Thursday, June 28, 2018

$20 Million Judgment Against Restaurant That Gave Alcohol To Minor Was Not Covered By Insurance

The U.S. Court of Appeals for the Fifth Circuit has ruled that a $20 million judgment against a restaurant that committed the criminal act of giving alcohol to a minor was not covered by the restaurant’s insurance policy.

The Case

Ajredin Deari, owner of Pastazios Pizza, Inc., allegedly lured an 18-year-old woman to his restaurant, plied her with alcohol despite her protests, and then drove her to a nearby hotel and sexually assaulted her.

Deari later pleaded no-contest to the crime of aggravated assault.

The woman sued Deari (alleging a variety of intentional torts) and the Pastazios restaurant (alleging negligence, gross negligence, Dram Shop liability, false imprisonment, and premises liability).

She obtained a judgment for more than $20 million against Pastazios and Deari. With respect to Pastazios, the court found the restaurant liable for gross negligence, Dram Shop liability, and “negligent” false imprisonment, and imposed punitive damages.

The woman sought to enforce the judgment against the restaurant’s insurance carrier, Century Surety Company, asserting that Century had breached its duties under the policy to defend and to indemnify Pastazios with respect to her lawsuit.

The U.S. District Court for the Northern District of Texas granted summary judgment in favor of Century, and the woman appealed to the Fifth Circuit.

The Century Policy

The Century policy excluded coverage for bodily injury:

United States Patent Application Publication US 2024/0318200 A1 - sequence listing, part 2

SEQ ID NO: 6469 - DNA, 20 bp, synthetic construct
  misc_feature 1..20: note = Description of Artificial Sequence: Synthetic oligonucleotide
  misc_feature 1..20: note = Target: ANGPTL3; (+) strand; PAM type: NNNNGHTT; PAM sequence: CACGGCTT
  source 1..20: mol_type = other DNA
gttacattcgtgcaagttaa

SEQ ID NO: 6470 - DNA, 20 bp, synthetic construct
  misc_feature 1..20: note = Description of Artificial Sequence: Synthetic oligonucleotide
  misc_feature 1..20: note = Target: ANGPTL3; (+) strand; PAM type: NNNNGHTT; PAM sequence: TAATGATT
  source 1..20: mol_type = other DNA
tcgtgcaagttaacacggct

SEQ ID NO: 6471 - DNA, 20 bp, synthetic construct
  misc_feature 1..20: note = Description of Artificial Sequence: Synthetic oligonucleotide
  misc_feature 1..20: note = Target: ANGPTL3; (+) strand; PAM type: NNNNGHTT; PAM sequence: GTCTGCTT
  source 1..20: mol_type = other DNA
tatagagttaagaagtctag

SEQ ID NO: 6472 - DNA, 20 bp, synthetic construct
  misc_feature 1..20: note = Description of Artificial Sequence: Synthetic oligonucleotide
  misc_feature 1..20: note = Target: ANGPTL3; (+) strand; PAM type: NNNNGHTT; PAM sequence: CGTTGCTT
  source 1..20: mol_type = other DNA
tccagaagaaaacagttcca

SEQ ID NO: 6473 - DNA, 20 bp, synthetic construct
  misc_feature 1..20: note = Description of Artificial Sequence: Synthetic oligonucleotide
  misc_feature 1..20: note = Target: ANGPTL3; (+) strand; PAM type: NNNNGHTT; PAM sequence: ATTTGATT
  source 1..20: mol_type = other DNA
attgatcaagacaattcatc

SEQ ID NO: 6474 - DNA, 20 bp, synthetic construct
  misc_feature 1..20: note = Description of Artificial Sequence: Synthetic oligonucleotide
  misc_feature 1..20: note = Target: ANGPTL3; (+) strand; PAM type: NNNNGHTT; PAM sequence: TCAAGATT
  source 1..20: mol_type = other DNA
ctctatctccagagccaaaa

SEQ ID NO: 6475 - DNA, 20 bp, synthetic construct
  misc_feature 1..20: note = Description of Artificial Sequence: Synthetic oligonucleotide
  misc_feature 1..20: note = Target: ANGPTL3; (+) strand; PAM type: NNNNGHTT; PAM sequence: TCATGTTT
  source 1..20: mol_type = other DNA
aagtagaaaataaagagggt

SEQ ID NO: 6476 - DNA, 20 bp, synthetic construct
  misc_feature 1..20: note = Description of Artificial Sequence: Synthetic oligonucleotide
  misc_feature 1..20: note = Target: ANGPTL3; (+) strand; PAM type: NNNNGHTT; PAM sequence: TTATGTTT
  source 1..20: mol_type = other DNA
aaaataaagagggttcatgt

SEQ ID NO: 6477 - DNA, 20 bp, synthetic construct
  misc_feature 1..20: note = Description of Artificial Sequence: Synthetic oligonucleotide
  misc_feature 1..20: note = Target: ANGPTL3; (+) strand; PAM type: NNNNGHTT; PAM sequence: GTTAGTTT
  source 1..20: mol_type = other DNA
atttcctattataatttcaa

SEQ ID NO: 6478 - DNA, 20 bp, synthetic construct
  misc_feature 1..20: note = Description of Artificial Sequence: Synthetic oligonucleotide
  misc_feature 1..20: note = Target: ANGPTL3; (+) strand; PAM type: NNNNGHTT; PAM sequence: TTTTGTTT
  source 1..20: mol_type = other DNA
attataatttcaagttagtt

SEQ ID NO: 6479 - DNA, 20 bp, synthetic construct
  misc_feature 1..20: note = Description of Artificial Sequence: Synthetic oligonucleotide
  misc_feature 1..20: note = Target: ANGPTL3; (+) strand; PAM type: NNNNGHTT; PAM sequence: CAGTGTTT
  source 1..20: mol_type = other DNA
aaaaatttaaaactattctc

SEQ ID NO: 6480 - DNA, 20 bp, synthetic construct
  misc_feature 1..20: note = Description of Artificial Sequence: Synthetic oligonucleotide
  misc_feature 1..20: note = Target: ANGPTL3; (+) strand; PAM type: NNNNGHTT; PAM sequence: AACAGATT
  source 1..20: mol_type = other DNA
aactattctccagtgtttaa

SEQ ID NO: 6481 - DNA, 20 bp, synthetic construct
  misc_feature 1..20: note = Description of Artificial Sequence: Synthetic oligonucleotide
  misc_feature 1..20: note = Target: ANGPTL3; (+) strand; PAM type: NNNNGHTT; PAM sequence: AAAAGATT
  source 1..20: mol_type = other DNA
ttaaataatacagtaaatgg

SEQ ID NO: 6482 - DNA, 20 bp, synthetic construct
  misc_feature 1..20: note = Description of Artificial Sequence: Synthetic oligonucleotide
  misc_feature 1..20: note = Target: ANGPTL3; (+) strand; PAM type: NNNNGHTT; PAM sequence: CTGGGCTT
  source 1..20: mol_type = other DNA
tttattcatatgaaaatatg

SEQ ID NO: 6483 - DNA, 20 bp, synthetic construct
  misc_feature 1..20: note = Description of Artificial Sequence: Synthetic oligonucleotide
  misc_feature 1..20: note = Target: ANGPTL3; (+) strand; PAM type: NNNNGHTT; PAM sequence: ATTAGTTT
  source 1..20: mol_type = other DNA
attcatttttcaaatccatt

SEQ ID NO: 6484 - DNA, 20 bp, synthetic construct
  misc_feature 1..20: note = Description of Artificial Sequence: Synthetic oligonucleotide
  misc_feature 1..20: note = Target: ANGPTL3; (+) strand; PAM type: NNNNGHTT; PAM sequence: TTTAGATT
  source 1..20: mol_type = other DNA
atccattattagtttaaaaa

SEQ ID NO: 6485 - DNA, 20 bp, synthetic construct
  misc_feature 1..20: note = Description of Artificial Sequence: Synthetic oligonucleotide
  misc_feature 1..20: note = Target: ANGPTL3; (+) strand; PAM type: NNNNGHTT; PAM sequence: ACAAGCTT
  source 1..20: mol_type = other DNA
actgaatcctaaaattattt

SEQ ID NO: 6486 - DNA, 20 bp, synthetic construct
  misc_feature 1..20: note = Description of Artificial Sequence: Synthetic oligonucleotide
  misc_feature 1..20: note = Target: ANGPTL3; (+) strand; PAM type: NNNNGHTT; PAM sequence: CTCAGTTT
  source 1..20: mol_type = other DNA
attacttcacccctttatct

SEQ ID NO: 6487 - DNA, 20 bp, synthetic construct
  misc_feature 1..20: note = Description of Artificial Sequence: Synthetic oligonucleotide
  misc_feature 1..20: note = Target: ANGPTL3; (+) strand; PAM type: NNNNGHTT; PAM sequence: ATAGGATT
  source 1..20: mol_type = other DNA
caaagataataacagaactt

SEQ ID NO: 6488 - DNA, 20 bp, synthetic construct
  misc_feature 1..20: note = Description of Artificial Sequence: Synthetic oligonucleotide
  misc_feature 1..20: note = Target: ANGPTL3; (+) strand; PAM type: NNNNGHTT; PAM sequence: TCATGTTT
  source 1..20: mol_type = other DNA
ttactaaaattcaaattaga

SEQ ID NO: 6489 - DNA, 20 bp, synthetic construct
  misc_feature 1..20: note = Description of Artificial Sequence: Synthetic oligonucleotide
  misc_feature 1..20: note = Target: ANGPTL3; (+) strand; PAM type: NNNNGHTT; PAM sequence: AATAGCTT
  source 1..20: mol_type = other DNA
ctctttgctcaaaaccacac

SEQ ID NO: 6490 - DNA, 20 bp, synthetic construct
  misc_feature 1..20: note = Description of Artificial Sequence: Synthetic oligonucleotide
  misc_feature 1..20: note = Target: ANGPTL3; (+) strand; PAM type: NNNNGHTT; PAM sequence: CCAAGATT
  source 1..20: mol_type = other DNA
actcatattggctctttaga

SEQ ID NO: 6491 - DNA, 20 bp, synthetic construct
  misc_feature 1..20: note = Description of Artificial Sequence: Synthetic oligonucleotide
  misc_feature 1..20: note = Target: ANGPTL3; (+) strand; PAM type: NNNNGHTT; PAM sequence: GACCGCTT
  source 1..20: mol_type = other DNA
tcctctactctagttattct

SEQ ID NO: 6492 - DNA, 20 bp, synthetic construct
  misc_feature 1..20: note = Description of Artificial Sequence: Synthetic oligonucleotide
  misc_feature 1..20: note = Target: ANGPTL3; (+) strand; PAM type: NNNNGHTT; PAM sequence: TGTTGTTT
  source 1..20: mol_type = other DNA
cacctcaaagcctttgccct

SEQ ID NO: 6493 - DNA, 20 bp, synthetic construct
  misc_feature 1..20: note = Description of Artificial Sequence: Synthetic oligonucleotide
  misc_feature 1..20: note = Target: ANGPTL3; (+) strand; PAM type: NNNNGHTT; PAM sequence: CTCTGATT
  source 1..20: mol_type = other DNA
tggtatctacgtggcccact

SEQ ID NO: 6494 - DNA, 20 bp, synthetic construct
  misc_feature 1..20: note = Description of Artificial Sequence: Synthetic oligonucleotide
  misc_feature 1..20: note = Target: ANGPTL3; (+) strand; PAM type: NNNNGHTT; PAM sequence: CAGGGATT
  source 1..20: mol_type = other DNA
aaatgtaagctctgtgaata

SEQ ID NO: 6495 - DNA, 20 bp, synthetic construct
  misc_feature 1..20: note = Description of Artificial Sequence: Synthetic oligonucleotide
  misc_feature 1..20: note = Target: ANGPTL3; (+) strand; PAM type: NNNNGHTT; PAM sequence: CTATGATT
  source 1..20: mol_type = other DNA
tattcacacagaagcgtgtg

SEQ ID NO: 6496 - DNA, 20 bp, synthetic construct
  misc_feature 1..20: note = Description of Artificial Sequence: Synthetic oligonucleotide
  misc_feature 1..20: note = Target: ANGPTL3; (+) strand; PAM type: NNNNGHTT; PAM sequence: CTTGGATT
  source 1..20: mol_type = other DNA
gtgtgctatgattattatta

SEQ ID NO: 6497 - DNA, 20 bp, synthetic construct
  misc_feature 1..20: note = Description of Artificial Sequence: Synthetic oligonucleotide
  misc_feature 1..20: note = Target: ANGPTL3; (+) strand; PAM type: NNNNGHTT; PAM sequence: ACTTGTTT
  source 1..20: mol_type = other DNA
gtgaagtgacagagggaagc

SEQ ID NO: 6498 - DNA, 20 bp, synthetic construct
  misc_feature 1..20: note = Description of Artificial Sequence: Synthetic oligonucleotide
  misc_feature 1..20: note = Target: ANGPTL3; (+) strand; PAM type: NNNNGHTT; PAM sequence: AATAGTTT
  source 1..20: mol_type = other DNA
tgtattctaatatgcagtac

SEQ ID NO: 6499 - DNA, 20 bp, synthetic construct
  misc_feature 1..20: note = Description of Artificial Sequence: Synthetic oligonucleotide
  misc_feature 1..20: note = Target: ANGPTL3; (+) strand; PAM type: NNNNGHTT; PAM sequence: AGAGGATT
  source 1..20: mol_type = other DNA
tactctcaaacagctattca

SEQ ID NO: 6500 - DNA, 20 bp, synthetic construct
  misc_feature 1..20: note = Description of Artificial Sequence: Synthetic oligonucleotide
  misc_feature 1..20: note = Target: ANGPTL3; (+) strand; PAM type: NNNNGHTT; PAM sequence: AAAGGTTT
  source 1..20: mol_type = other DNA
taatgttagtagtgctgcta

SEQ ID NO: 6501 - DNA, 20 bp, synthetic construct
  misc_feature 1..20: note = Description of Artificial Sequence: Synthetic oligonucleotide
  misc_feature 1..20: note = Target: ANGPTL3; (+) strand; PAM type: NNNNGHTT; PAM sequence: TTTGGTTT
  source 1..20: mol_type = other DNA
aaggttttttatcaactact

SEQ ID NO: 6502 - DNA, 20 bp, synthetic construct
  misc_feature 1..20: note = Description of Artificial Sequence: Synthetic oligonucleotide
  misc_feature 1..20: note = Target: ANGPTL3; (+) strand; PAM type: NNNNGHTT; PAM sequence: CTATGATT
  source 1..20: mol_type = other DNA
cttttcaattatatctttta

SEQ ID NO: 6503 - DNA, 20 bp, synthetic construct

arising out of or resulting from a criminal act committed by any insured.

The Fifth Circuit’s Decision

The circuit court affirmed, holding that because all of the woman’s injuries arose out of or resulted from the restaurant’s criminal act of giving alcohol to a minor, the policy’s criminal act exclusion applied and barred Pastazios’ coverage claims.

In its decision, the circuit court explained that, in Texas, it was a Class A misdemeanor to give alcohol to a minor in the absence of her parents. The Fifth Circuit noted that the woman’s complaint against Pastazios stated that she was a minor and that Pastazios, the restaurant itself, had given her more than one alcoholic beverage.

Thus, the Fifth Circuit found, the woman’s bodily injury arose out of or resulted from a criminal act committed by Pastazios, the insured. In fact, the circuit court said, the woman’s complaint was “unequivocal” that all of her injuries arose out of Pastazios’ provision of alcohol.

Accordingly, the Fifth Circuit concluded, coverage was precluded because all of the woman’s injuries arose out of or resulted from Pastazios’ criminal act of giving alcohol to a minor.